“How are you?” has a new meaning
Before COVID-19 arrived in the United State, “How are you?” was more of a greeting than a question. No one wanted an actual answer, or seemed to care if you broke your toe, or if your boss was a creep.
The typical answer to the question of “How are you” was: “Fine. How are you?” To which the other person answered: “fine.”
In this present nightmarish time, “How are you?” is an actual question on your mental and/or physical health. People really want to know if you are sick or well.
Currently, when someone asks me “How are you?” This is how I respond (and they listen!):
I’m doing great, except:
- I lost my job at the gym
- I’m afraid to leave the house
- I’m worried I’ll lose my health care (there’s a lawsuit in court to kill the Affordable Care Act)
- I’m concerned about a food shortage
- I cut up my food really slowly and carefully in case I get cut and have to go to the hospital since they are overwhelmed, contagious centers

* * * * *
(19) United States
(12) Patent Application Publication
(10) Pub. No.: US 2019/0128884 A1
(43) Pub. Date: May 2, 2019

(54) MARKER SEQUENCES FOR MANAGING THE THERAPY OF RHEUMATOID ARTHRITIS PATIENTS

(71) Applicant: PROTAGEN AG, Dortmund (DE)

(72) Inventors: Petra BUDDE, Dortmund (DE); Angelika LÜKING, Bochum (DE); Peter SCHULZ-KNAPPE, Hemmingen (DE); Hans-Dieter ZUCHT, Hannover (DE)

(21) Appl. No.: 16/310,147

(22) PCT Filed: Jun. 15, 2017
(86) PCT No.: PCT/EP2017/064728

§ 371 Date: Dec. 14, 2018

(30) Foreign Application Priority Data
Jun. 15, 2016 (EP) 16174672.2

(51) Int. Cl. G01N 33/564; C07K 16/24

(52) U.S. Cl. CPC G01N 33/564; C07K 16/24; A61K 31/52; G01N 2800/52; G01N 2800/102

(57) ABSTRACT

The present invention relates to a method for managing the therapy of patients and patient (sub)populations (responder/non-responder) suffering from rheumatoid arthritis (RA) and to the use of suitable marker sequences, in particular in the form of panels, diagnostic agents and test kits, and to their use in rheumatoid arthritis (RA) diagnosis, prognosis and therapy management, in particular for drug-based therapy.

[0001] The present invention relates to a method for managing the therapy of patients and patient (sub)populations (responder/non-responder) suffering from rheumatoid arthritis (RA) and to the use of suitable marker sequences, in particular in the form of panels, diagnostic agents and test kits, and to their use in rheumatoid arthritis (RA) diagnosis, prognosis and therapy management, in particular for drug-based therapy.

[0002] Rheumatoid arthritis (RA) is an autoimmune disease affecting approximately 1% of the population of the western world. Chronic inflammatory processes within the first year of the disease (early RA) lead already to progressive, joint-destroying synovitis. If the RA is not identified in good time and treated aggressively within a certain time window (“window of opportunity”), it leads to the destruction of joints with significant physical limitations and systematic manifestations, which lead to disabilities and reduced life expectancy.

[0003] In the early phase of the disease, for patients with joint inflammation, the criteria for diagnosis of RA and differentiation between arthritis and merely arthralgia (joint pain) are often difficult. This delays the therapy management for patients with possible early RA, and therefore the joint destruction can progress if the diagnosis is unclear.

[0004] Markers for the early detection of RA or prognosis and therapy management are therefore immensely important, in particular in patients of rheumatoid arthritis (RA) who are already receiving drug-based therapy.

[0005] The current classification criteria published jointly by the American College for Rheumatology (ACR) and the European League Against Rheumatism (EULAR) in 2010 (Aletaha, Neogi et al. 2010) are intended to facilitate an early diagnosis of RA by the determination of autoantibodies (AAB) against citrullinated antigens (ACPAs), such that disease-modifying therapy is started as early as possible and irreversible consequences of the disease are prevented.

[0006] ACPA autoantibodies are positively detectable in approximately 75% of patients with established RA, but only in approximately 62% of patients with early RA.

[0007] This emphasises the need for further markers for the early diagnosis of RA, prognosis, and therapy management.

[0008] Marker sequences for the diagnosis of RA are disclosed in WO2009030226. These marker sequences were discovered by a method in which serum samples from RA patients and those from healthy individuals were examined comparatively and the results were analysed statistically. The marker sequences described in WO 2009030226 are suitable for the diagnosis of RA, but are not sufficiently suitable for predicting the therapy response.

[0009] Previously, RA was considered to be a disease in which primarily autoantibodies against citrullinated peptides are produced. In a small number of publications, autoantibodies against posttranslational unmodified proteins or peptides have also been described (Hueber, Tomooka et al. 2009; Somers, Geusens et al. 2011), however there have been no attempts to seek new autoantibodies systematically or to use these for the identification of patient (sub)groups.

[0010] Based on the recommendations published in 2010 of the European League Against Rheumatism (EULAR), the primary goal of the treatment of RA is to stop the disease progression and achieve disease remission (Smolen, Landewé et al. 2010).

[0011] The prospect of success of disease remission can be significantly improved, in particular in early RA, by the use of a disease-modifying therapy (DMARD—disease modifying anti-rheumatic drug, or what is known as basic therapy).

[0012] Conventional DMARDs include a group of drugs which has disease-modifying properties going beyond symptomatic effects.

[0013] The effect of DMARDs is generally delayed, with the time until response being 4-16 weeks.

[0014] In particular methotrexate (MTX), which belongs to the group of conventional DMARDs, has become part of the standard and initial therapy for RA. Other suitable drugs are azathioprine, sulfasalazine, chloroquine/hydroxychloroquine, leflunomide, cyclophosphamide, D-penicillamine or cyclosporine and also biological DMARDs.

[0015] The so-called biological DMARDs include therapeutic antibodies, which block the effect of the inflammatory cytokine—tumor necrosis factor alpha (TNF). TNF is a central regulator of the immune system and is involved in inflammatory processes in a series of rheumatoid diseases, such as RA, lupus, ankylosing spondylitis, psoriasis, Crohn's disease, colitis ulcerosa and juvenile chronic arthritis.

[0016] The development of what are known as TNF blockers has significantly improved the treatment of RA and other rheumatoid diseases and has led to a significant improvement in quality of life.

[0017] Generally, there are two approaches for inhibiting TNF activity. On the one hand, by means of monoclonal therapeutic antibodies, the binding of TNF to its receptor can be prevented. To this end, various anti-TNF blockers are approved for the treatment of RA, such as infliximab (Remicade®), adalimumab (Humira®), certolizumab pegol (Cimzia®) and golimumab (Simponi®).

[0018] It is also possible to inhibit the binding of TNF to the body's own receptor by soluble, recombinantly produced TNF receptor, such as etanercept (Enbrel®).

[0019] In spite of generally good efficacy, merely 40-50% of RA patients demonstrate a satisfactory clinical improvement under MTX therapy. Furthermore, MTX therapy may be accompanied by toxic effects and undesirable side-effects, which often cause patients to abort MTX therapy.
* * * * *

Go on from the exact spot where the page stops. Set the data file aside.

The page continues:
- I can’t go near friends and family
- I couldn’t hug my mom on mother’s day.
- I don’t know how I’m going to vote, pay my bills, or receive my paychecks if the postal service isn’t funded.
- I can’t sleep well because I don’t know what the future will look like.
- Fire season is approaching so I’m worried houses will catch on fire with no one to put out the flames if states don’t receive government funds.
- I worry about looters breaking into my home since so many people have lost their jobs.
- I’m sickened and stressed that more demonstrators will be abused by racist police.
Other than that, I’m fantastic! How are you?
P.S. I want to hear from you. How are you doing? What are you going through? What can I do to help you?